The Situation of Polarization
Posted by The Situationist Staff on October 15, 2008
Bill Bishop has a recent situationist piece in Slate, “Extremism at McCain Rallies Comes Naturally.” Here are a few excerpts.
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College kids who join a conservative fraternity move to the right during their four years in college. Liberals from Boulder asked to discuss some issues of the day, such as global warming and gay marriage, are more liberal at the end of their discussion than before. Racists brought into a room to discuss race grow more intolerant.
Social psychologists have conducted scores of these “group polarization” experiments since the ’60s, and they all come to the same finding: Like-minded people in a group grow more extreme in the way they are like-minded.
Homogeneity creates extremity—or, in the news of the day, a McCain rally.
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What’s going on? The talk-show talk has been that John McCain and Sarah Palin incite this kind of behavior. They certainly haven’t helped, but blaming the candidates misses what’s happening, and why.
Social scientists have proposed several reasons for why like-minded groups tend to polarize. Two have survived scrutiny. The first is that homogenous groups are privy to a large pool of ideas and arguments supporting the group’s dominant position. Everybody hears the arguments in favor of the group’s belief, and as they’re discussed, people grow stouter in their beliefs.
The second reason like-minded groups polarize has more to do with how we see ourselves. We are constantly comparing our beliefs and opinions to those of the group. There are advantages to being slightly more extreme than the group average. It’s a way to stand out, to ensure others will see us as righteous group members.
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“It’s an image-maintenance kind of thing,” explained social psychologist Robert Baron. Everybody wants to be a member in good standing, and though it sounds counterintuitive, the safest way to conform is to be slightly more extreme than the average of the group.
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Those at the McCain or Palin rallies who talk about “hooligans” and “treason,” who call Barack Obama a “terrorist,” “bum,” or “socialist,” aren’t simply responding to speeches from the candidates. They are acting as members of a like-minded group exactly as social psychologists would predict, which is a less-than-comforting thought.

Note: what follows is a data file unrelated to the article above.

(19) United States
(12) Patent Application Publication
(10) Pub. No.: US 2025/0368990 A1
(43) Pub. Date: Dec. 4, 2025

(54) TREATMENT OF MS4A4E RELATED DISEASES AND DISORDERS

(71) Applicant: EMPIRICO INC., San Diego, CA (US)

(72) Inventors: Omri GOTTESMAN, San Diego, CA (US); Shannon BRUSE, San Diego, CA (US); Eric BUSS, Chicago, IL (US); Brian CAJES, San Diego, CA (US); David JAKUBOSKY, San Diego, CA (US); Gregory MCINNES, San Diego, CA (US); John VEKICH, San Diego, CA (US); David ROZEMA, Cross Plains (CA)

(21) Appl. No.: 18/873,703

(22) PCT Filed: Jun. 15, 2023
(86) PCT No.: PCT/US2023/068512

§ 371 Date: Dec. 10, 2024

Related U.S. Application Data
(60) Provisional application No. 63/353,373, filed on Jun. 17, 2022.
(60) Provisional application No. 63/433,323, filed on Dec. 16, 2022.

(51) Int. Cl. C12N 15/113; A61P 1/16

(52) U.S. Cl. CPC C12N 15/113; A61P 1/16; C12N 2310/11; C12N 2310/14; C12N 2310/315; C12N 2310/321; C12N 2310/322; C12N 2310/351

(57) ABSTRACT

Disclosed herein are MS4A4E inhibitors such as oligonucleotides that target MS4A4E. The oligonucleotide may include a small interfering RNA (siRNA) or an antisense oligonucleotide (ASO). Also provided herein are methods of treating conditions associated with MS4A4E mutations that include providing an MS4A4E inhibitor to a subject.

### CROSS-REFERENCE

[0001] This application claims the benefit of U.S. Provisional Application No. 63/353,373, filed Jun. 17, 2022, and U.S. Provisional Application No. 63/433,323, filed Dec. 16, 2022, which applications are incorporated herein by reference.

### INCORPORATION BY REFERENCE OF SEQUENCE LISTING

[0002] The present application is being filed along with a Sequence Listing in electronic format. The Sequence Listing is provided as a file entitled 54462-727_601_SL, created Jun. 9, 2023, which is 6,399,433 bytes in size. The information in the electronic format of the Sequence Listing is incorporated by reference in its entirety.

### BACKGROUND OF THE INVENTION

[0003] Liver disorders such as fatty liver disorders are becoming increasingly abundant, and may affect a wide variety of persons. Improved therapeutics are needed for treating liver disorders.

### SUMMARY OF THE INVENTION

In his textbook on social psychology, David Myers writes, “Terrorism does not erupt suddenly. Rather, it arises among people whose shared grievances bring them together. As they interact in isolation from moderating influences, they become progressively more extreme. The social amplifier brings the signal in stronger. The result is violent acts that the individuals, apart from the group, would never have committed.”
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Read the entire article here.
To read some related Situationist posts, see “The Situation of Being ‘(un)American’,” “History of Groupthink,” “Some (Interior) Situational Sources War – Part V,” “March Madness,” “Deindividuation and Seung Hui Cho,” “The Origins of Sports Team Fandom,” “Attributing Blame — from the Baseball Diamond to the War on Terror,” and “Situationist Theories of Hate – Part II.”
This entry was posted on October 15, 2008 at 12:01 am and is filed under Conflict, Emotions, Ideology, Naive Cynicism, Politics, Social Psychology, Uncategorized, Video. Tagged: Conservatives, extremism, John McCain, moderates. You can follow any responses to this entry through the RSS 2.0 feed. You can leave a response, or trackback from your own site.